Editorial Feature

Nanotechnology in Argentina: Market Report

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Argentina is a South American country located between Uruguay and Chile. The country has a total area of 2,780,400 km2. As of July 2012, its population was 42,192,494.

Argentina has an upper middle-income economy with an export-focused agricultural sector and a diversified industrial sector. The country’s GDP was $746.9 billion in 2012.

The country’s population is highly literate. Although the science budget from the government is meager, academics and the sciences in Argentina manage to draw global respect. Three Nobel Prize laureates in sciences are from Argentina.

Nanotechnology Organizations

Argentina has several organizations and networks dedicated to promoting nanoscience and investigating the challenges and future of nanotechnology. Mentioned below are the leading nanotechnology-related organizations in Argentina.

Fundacion Argentina De Nanotecnologia (FAN)—Its key responsibility is to boost domestic nano-based production for local use and to integrate local industry into international markets. FAN has performed a nanotechnology program for industry and society since early 2010, with more than 20 meetings held throughout the country.

Centro Argentino De Ingenieros (CAI) (Argentine Center of Engineers)—It is a civil non-profit comprising professionals from all branches of engineering, surveying, architecture, and allied professionals. It also includes institutions consistent with the objectives of the center, and companies that desire to partner in raising the standards of engineering, for the betterment of the nation.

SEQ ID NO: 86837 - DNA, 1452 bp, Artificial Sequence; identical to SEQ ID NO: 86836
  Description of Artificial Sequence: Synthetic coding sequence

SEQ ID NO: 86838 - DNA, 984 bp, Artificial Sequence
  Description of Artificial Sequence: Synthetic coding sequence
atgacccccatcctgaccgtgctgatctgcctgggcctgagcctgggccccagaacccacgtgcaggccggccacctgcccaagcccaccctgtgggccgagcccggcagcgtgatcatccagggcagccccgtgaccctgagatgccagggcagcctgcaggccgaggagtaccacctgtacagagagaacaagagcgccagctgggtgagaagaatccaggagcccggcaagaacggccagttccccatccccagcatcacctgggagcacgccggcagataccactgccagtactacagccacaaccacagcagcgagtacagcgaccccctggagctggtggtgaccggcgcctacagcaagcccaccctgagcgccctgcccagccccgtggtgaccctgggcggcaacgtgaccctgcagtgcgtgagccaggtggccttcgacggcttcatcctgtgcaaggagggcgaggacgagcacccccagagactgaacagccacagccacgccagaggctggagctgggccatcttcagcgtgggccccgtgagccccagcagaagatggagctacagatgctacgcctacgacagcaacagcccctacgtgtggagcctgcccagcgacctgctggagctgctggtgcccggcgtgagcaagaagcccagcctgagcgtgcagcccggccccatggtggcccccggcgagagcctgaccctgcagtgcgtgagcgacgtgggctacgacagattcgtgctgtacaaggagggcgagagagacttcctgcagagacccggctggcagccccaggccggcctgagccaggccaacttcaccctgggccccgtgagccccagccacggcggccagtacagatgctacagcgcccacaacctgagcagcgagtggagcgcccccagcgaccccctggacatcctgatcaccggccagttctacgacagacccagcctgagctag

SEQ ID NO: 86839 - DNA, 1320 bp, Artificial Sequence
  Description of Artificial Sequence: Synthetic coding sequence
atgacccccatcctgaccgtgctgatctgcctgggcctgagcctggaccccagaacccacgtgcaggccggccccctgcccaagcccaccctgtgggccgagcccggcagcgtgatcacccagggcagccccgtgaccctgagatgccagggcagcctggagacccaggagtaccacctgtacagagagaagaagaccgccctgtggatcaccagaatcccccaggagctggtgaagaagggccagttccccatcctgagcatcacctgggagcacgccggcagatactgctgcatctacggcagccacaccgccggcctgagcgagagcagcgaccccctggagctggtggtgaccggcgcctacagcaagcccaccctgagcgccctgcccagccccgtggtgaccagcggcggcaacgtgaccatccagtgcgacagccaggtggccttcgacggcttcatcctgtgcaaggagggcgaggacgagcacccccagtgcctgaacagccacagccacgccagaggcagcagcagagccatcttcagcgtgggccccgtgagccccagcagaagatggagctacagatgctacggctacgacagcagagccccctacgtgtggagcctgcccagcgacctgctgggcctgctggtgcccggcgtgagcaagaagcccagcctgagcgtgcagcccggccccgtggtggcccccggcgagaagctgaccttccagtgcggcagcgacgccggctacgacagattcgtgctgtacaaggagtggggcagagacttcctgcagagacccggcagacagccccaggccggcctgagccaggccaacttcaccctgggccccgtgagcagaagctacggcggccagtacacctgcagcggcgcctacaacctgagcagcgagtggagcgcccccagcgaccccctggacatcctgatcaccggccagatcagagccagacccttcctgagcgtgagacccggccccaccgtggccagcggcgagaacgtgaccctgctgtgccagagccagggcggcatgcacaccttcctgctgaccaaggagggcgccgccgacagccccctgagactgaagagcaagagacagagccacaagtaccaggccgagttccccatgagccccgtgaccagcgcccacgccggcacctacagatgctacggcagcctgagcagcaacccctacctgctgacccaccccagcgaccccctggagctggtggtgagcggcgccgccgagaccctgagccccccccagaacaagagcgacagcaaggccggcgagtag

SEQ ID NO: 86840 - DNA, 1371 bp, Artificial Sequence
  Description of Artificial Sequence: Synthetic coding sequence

Argentine-Brazilian Center for Nanoscience and Nanotechnology—It is the first bi-national nanotechnology organization in Argentina that aims to promote technology and science, and to boost productivity between Argentina and Brazil. Set up in November 2005, it fosters knowledge sharing, new research facilities, and human resource training.

Laboratoire International Franco-Argentin en Nanosciences (LIFAN)—It is an International Associated Laboratory in Nanoscience and nanotechnologies launched to increase collaboration between France and Argentina. This collaboration enables them to match international competition, draw PhD students or post-doctorate students, and to expand technical resources.

Nanotechnology Companies

A short introduction to a key nanotechnology-based company in Argentina is given below.

Nanotek—It is a research and development company with a keen interest in nanotechnology. The vision of Nanotek is to be a world leader using nanotechnology to enhance the quality of life. Their mission is to focus on researching, manufacturing, and marketing products and services for the development of nanotechnology market. Their nano-products can be used in several fields such as roads, mining, health materials, textiles, etc.

Nanotechnology Education and Research

Argentina has a few universities that offer research and educational opportunities in nanotechnology. They are listed below.

The Research Institute of Theoretical and Applied Physical Chemistry (Instituto de Investigaciones Fisicoquímicas Teóricas y Aplicadas INIFTA)—It is a theoretical and applied physical chemistry research institute located on the premises of the Universidad Nacional de La Plata, (UNLP), La Plata, Argentina. The nanotechnology-based research activities include the following areas: